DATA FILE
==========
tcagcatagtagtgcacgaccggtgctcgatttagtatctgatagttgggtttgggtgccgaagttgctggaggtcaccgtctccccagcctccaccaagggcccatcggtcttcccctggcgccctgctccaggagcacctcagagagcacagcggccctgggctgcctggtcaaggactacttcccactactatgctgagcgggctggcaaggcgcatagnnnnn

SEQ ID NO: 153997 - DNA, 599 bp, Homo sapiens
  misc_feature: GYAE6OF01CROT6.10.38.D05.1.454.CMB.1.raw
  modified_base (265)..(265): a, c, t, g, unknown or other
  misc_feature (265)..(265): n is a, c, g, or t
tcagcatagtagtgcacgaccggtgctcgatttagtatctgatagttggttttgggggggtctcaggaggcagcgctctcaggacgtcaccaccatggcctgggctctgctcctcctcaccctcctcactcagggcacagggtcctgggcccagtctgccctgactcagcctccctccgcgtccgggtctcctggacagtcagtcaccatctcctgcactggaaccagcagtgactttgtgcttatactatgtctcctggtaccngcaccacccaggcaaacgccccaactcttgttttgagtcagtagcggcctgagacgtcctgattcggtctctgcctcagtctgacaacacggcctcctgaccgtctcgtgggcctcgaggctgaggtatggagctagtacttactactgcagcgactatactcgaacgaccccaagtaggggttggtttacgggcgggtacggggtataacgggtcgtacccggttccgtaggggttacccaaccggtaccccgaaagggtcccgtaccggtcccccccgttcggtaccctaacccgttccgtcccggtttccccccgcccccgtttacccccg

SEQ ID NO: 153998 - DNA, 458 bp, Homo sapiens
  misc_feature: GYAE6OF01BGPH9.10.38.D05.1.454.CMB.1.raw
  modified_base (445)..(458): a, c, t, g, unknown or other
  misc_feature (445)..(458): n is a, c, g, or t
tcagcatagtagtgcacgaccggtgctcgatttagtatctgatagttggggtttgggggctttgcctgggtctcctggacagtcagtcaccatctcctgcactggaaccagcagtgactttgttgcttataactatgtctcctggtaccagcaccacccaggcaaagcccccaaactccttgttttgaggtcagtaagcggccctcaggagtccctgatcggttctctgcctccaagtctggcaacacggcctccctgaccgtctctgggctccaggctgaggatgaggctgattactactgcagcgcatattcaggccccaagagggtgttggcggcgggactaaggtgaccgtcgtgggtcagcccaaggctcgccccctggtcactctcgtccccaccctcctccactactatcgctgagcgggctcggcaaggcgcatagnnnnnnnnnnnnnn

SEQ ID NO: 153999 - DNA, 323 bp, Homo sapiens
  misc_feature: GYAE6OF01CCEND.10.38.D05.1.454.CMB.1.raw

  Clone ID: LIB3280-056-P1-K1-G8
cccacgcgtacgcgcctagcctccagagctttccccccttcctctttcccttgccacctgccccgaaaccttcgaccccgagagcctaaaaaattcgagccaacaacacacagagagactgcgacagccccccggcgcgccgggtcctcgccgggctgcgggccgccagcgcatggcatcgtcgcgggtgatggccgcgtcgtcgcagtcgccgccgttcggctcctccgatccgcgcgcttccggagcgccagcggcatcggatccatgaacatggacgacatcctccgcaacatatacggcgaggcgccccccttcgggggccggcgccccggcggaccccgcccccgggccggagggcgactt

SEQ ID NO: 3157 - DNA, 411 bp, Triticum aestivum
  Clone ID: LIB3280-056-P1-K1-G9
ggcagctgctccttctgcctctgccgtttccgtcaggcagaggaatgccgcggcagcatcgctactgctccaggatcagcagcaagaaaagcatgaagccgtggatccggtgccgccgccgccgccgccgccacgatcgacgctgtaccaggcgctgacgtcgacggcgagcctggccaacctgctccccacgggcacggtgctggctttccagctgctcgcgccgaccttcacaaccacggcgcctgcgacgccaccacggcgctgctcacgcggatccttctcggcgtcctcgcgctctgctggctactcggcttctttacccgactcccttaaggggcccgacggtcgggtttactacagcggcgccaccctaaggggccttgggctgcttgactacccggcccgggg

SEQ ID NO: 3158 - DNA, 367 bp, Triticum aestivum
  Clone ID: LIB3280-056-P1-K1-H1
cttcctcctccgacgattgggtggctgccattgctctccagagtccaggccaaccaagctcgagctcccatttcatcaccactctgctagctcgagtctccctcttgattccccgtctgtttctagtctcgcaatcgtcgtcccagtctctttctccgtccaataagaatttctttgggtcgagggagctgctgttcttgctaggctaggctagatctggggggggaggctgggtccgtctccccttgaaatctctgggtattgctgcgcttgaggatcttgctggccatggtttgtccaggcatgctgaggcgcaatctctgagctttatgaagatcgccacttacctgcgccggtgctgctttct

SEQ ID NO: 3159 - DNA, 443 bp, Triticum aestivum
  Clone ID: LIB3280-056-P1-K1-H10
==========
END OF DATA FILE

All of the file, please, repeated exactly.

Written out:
tcagcatagtagtgcacgaccggtgctcgatttagtatctgatagttgggtttgggtgccgaagttgctggaggtcaccgtctccccagcctccaccaagggcccatcggtcttcccctggcgccctgctccaggagcacctcagagagcacagcggccctgggctgcctggtcaaggactacttcccactactatgctgagcgggctggcaaggcgcatagnnnnn

SEQ ID NO: 153997 - DNA, 599 bp, Homo sapiens
  misc_feature: GYAE6OF01CROT6.10.38.D05.1.454.CMB.1.raw
  modified_base (265)..(265): a, c, t, g, unknown or other
  misc_feature (265)..(265): n is a, c, g, or t
tcagcatagtagtgcacgaccggtgctcgatttagtatctgatagttggttttgggggggtctcaggaggcagcgctctcaggacgtcaccaccatggcctgggctctgctcctcctcaccctcctcactcagggcacagggtcctgggcccagtctgccctgactcagcctccctccgcgtccgggtctcctggacagtcagtcaccatctcctgcactggaaccagcagtgactttgtgcttatactatgtctcctggtaccngcaccacccaggcaaacgccccaactcttgttttgagtcagtagcggcctgagacgtcctgattcggtctctgcctcagtctgacaacacggcctcctgaccgtctcgtgggcctcgaggctgaggtatggagctagtacttactactgcagcgactatactcgaacgaccccaagtaggggttggtttacgggcgggtacggggtataacgggtcgtacccggttccgtaggggttacccaaccggtaccccgaaagggtcccgtaccggtcccccccgttcggtaccctaacccgttccgtcccggtttccccccgcccccgtttacccccg

SEQ ID NO: 153998 - DNA, 458 bp, Homo sapiens
  misc_feature: GYAE6OF01BGPH9.10.38.D05.1.454.CMB.1.raw
  modified_base (445)..(458): a, c, t, g, unknown or other
  misc_feature (445)..(458): n is a, c, g, or t
tcagcatagtagtgcacgaccggtgctcgatttagtatctgatagttggggtttgggggctttgcctgggtctcctggacagtcagtcaccatctcctgcactggaaccagcagtgactttgttgcttataactatgtctcctggtaccagcaccacccaggcaaagcccccaaactccttgttttgaggtcagtaagcggccctcaggagtccctgatcggttctctgcctccaagtctggcaacacggcctccctgaccgtctctgggctccaggctgaggatgaggctgattactactgcagcgcatattcaggccccaagagggtgttggcggcgggactaaggtgaccgtcgtgggtcagcccaaggctcgccccctggtcactctcgtccccaccctcctccactactatcgctgagcgggctcggcaaggcgcatagnnnnnnnnnnnnnn

SEQ ID NO: 153999 - DNA, 323 bp, Homo sapiens
  misc_feature: GYAE6OF01CCEND.10.38.D05.1.454.CMB.1.raw

  Clone ID: LIB3280-056-P1-K1-G8
cccacgcgtacgcgcctagcctccagagctttccccccttcctctttcccttgccacctgccccgaaaccttcgaccccgagagcctaaaaaattcgagccaacaacacacagagagactgcgacagccccccggcgcgccgggtcctcgccgggctgcgggccgccagcgcatggcatcgtcgcgggtgatggccgcgtcgtcgcagtcgccgccgttcggctcctccgatccgcgcgcttccggagcgccagcggcatcggatccatgaacatggacgacatcctccgcaacatatacggcgaggcgccccccttcgggggccggcgccccggcggaccccgcccccgggccggagggcgactt

SEQ ID NO: 3157 - DNA, 411 bp, Triticum aestivum
  Clone ID: LIB3280-056-P1-K1-G9
ggcagctgctccttctgcctctgccgtttccgtcaggcagaggaatgccgcggcagcatcgctactgctccaggatcagcagcaagaaaagcatgaagccgtggatccggtgccgccgccgccgccgccgccacgatcgacgctgtaccaggcgctgacgtcgacggcgagcctggccaacctgctccccacgggcacggtgctggctttccagctgctcgcgccgaccttcacaaccacggcgcctgcgacgccaccacggcgctgctcacgcggatccttctcggcgtcctcgcgctctgctggctactcggcttctttacccgactcccttaaggggcccgacggtcgggtttactacagcggcgccaccctaaggggccttgggctgcttgactacccggcccgggg

SEQ ID NO: 3158 - DNA, 367 bp, Triticum aestivum
  Clone ID: LIB3280-056-P1-K1-H1
cttcctcctccgacgattgggtggctgccattgctctccagagtccaggccaaccaagctcgagctcccatttcatcaccactctgctagctcgagtctccctcttgattccccgtctgtttctagtctcgcaatcgtcgtcccagtctctttctccgtccaataagaatttctttgggtcgagggagctgctgttcttgctaggctaggctagatctggggggggaggctgggtccgtctccccttgaaatctctgggtattgctgcgcttgaggatcttgctggccatggtttgtccaggcatgctgaggcgcaatctctgagctttatgaagatcgccacttacctgcgccggtgctgctttct

SEQ ID NO: 3159 - DNA, 443 bp, Triticum aestivum
  Clone ID: LIB3280-056-P1-K1-H10